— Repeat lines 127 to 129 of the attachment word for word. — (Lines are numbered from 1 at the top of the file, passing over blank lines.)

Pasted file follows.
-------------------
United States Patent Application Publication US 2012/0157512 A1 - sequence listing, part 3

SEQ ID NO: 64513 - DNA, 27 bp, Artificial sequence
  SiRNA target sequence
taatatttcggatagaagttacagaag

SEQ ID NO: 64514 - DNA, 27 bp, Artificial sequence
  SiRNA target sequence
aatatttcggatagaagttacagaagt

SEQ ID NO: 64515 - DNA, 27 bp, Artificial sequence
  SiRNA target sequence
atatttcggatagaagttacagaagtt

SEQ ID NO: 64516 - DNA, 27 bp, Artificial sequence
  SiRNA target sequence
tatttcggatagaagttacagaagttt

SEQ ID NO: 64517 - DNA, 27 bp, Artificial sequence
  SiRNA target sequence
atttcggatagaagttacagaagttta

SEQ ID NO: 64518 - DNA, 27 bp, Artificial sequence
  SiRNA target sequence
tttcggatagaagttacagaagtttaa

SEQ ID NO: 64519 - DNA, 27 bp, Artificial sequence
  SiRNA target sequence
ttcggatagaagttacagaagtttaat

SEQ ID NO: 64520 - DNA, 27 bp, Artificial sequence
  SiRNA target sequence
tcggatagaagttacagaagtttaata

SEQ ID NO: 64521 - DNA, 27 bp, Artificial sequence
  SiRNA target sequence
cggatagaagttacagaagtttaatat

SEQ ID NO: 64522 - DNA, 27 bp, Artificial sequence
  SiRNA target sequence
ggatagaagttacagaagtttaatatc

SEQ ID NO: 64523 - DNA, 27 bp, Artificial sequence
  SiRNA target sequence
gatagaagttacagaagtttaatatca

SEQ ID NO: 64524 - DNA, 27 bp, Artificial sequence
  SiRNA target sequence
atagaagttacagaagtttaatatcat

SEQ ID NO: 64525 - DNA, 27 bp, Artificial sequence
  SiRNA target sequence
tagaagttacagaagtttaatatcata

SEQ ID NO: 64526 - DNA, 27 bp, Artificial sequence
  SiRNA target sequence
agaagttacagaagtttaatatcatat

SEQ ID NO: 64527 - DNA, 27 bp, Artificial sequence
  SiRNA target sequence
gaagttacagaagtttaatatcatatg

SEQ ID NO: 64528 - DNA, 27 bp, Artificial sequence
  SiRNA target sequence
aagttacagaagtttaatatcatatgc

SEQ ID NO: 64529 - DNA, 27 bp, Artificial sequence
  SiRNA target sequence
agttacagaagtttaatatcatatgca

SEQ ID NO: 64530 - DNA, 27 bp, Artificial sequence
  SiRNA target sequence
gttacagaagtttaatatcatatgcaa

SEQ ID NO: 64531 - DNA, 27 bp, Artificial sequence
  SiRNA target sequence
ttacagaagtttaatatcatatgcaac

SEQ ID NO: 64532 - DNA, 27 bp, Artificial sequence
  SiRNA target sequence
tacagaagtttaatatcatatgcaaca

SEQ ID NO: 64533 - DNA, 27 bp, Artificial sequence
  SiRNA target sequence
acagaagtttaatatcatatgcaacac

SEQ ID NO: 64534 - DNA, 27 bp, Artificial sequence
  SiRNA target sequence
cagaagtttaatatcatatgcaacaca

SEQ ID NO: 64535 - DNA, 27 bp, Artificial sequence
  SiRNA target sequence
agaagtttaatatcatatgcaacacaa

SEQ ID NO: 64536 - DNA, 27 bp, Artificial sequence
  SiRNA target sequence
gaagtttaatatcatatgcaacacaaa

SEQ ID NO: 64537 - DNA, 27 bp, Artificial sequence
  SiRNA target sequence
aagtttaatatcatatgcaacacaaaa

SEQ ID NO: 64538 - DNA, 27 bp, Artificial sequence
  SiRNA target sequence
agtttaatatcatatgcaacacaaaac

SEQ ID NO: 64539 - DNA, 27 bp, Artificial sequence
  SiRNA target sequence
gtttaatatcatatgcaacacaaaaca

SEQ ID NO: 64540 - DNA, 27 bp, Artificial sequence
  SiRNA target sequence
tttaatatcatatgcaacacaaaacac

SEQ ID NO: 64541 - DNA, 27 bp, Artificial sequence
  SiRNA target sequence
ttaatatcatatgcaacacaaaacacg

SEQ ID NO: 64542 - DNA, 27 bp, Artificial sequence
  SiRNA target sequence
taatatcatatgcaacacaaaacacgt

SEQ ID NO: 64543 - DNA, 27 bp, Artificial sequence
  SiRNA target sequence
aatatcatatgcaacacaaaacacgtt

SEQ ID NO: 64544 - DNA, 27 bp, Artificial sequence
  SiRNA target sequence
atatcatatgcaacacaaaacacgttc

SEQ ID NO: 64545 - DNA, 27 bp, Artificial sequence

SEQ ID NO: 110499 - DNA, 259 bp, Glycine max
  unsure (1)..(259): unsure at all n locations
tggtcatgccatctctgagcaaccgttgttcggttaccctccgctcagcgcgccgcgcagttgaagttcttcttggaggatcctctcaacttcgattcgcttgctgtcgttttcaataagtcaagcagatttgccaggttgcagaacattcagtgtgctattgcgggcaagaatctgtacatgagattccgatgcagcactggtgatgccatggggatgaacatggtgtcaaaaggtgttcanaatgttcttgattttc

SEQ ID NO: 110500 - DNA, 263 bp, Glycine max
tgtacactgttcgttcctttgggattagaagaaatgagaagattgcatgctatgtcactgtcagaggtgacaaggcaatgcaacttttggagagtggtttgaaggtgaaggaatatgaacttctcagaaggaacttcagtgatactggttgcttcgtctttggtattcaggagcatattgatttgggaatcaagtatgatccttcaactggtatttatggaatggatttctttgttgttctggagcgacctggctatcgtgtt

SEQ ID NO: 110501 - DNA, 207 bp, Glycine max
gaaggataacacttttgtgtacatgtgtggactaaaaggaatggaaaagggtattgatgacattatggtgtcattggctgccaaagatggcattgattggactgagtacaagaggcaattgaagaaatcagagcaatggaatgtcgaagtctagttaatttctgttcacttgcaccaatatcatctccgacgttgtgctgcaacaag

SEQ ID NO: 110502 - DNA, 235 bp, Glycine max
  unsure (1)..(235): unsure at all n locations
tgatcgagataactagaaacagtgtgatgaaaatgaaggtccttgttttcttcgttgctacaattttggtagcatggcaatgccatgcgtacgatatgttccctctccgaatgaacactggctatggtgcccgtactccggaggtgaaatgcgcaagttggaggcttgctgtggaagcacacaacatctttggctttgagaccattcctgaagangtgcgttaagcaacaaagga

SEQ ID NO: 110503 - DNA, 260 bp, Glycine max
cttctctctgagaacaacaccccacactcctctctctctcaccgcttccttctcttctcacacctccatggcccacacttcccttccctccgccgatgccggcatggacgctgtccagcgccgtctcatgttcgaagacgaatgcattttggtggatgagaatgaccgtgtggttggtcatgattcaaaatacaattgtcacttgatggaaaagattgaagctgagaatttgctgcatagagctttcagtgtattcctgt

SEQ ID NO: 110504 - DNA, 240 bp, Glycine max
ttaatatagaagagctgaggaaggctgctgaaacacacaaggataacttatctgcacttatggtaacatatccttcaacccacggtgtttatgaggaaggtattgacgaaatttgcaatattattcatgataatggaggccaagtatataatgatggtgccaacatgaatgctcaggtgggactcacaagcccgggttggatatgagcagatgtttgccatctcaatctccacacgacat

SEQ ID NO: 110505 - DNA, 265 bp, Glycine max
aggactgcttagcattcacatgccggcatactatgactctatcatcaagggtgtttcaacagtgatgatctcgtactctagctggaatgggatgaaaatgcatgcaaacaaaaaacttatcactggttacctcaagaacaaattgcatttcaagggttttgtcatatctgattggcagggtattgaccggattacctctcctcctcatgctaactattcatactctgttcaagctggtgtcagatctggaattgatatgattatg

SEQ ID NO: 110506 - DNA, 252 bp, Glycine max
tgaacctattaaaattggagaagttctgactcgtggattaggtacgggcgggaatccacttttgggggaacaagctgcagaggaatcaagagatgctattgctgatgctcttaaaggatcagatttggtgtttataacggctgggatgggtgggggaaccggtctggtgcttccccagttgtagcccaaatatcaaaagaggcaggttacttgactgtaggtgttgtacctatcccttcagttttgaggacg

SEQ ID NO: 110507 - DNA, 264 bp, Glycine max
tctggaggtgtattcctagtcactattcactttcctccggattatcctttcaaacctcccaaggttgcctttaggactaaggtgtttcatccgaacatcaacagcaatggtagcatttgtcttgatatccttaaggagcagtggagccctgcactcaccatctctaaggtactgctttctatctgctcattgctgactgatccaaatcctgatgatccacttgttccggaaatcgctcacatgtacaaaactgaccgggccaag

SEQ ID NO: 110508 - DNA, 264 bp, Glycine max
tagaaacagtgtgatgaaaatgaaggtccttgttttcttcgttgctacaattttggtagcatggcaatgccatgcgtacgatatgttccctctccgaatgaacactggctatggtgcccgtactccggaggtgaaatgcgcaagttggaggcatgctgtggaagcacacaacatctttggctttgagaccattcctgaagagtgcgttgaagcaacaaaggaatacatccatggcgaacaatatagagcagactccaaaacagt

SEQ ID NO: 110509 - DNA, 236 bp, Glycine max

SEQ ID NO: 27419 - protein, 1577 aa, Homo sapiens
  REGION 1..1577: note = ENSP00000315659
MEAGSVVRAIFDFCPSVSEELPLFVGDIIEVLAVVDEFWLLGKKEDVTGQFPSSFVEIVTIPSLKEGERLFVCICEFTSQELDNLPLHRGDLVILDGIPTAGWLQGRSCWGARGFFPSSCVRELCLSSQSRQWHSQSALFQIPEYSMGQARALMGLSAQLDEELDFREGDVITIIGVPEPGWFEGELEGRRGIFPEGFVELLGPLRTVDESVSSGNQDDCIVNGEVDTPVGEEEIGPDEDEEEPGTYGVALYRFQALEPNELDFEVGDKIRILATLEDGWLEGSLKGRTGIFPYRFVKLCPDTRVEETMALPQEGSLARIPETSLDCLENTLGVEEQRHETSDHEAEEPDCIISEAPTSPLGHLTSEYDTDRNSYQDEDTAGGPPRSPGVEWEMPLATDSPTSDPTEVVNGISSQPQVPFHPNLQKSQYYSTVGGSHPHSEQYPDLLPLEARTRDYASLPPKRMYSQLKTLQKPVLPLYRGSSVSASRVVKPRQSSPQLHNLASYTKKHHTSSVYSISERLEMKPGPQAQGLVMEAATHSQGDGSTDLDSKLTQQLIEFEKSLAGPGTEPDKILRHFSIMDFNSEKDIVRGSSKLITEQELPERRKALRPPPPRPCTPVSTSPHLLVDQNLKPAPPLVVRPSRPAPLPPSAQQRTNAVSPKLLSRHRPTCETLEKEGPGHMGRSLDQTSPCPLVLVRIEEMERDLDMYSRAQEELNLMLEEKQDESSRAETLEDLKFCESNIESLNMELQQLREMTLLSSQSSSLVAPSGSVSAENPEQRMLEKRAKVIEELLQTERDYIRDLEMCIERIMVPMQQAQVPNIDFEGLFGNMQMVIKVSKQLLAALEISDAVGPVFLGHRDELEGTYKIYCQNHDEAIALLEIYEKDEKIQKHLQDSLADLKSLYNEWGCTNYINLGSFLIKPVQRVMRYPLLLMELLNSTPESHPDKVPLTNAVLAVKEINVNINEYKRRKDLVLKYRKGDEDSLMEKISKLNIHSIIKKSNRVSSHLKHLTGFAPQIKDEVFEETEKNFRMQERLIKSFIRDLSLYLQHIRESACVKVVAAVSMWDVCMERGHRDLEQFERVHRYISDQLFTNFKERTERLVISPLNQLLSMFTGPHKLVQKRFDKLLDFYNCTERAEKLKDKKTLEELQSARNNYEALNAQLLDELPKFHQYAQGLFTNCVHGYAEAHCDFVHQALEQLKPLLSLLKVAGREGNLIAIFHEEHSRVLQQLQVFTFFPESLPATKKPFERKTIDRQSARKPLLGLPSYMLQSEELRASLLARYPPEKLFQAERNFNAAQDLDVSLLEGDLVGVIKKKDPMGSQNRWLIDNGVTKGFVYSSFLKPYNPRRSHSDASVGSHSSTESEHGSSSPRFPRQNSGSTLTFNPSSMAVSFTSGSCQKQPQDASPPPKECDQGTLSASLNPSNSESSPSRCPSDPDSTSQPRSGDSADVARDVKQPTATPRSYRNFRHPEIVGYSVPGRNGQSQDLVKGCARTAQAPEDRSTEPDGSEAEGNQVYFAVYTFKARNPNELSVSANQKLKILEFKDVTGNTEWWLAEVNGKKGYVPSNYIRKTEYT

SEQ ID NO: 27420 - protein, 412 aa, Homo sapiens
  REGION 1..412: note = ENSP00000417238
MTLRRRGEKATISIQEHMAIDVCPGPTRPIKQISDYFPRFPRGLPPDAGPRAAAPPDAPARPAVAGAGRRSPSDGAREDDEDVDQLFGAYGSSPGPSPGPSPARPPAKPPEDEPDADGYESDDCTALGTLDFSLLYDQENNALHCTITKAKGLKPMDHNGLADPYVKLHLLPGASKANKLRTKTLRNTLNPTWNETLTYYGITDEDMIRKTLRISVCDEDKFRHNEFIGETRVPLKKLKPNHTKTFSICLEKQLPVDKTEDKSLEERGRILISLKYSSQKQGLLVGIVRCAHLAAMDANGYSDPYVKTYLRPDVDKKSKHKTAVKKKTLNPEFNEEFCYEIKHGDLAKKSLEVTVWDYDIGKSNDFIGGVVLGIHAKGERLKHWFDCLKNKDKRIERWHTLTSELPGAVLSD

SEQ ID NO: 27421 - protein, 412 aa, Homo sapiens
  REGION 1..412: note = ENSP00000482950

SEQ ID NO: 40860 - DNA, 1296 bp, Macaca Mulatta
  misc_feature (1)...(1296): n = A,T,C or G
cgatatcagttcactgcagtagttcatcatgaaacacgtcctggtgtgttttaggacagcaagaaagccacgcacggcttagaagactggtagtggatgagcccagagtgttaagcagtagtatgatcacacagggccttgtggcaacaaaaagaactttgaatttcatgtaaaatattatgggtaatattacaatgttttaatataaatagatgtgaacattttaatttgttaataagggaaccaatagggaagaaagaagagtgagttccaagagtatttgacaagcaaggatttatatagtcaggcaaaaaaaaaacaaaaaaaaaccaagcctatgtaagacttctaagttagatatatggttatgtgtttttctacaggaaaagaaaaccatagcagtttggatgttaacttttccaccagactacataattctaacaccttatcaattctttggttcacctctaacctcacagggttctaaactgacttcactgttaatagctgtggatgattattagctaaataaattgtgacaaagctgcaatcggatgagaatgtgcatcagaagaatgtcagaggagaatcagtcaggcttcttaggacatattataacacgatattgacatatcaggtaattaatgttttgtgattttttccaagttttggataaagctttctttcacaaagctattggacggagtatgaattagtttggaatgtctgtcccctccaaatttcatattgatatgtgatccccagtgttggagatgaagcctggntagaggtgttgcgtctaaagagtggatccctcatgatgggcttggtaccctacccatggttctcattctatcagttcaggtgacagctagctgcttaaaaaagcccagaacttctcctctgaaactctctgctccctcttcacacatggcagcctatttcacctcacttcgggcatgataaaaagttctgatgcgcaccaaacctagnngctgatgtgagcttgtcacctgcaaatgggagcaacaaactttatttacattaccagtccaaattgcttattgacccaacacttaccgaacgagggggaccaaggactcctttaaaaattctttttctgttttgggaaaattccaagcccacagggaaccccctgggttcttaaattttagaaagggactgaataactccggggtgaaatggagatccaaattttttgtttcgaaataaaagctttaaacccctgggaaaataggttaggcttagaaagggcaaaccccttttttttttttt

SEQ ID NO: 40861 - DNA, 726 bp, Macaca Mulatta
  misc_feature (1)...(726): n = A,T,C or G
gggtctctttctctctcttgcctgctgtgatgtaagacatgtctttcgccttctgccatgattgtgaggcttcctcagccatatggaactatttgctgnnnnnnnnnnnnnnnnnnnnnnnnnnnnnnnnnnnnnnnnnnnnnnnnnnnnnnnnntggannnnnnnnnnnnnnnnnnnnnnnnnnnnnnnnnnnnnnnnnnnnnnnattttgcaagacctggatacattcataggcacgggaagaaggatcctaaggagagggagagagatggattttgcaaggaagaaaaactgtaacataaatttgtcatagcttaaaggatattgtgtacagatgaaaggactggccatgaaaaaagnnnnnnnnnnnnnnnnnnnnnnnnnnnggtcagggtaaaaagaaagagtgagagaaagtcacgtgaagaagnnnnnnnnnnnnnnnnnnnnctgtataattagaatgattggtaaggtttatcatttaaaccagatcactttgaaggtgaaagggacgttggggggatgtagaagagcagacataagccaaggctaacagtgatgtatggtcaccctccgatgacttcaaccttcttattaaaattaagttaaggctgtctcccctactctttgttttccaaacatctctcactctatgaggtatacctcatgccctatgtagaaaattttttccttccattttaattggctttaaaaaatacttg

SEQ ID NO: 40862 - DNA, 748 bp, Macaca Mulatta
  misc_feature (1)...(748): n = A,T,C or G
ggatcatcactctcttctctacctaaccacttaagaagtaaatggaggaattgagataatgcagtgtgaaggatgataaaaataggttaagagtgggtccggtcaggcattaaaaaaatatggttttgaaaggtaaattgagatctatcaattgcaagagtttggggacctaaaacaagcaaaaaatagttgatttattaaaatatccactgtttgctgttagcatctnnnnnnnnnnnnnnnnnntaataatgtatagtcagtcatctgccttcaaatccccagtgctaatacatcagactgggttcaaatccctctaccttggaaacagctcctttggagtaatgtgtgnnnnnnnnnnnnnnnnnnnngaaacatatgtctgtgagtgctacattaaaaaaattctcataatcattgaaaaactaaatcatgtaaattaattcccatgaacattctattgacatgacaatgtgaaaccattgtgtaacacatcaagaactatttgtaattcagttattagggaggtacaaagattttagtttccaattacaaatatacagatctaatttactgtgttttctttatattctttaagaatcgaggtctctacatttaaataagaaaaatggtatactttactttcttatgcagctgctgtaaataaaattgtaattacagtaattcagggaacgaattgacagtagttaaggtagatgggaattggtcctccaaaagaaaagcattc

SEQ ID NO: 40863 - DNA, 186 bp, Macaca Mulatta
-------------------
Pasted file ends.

MTLRRRGEKATISIQEHMAIDVCPGPTRPIKQISDYFPRFPRGLPPDAGPRAAAPPDAPARPAVAGAGRRSPSDGAREDDEDVDQLFGAYGSSPGPSPGPSPARPPAKPPEDEPDADGYESDDCTALGTLDFSLLYDQENNALHCTITKAKGLKPMDHNGLADPYVKLHLLPGASKANKLRTKTLRNTLNPTWNETLTYYGITDEDMIRKTLRISVCDEDKFRHNEFIGETRVPLKKLKPNHTKTFSICLEKQLPVDKTEDKSLEERGRILISLKYSSQKQGLLVGIVRCAHLAAMDANGYSDPYVKTYLRPDVDKKSKHKTAVKKKTLNPEFNEEFCYEIKHGDLAKKSLEVTVWDYDIGKSNDFIGGVVLGIHAKGERLKHWFDCLKNKDKRIERWHTLTSELPGAVLSD

SEQ ID NO: 27421 - protein, 412 aa, Homo sapiens
  REGION 1..412: note = ENSP00000482950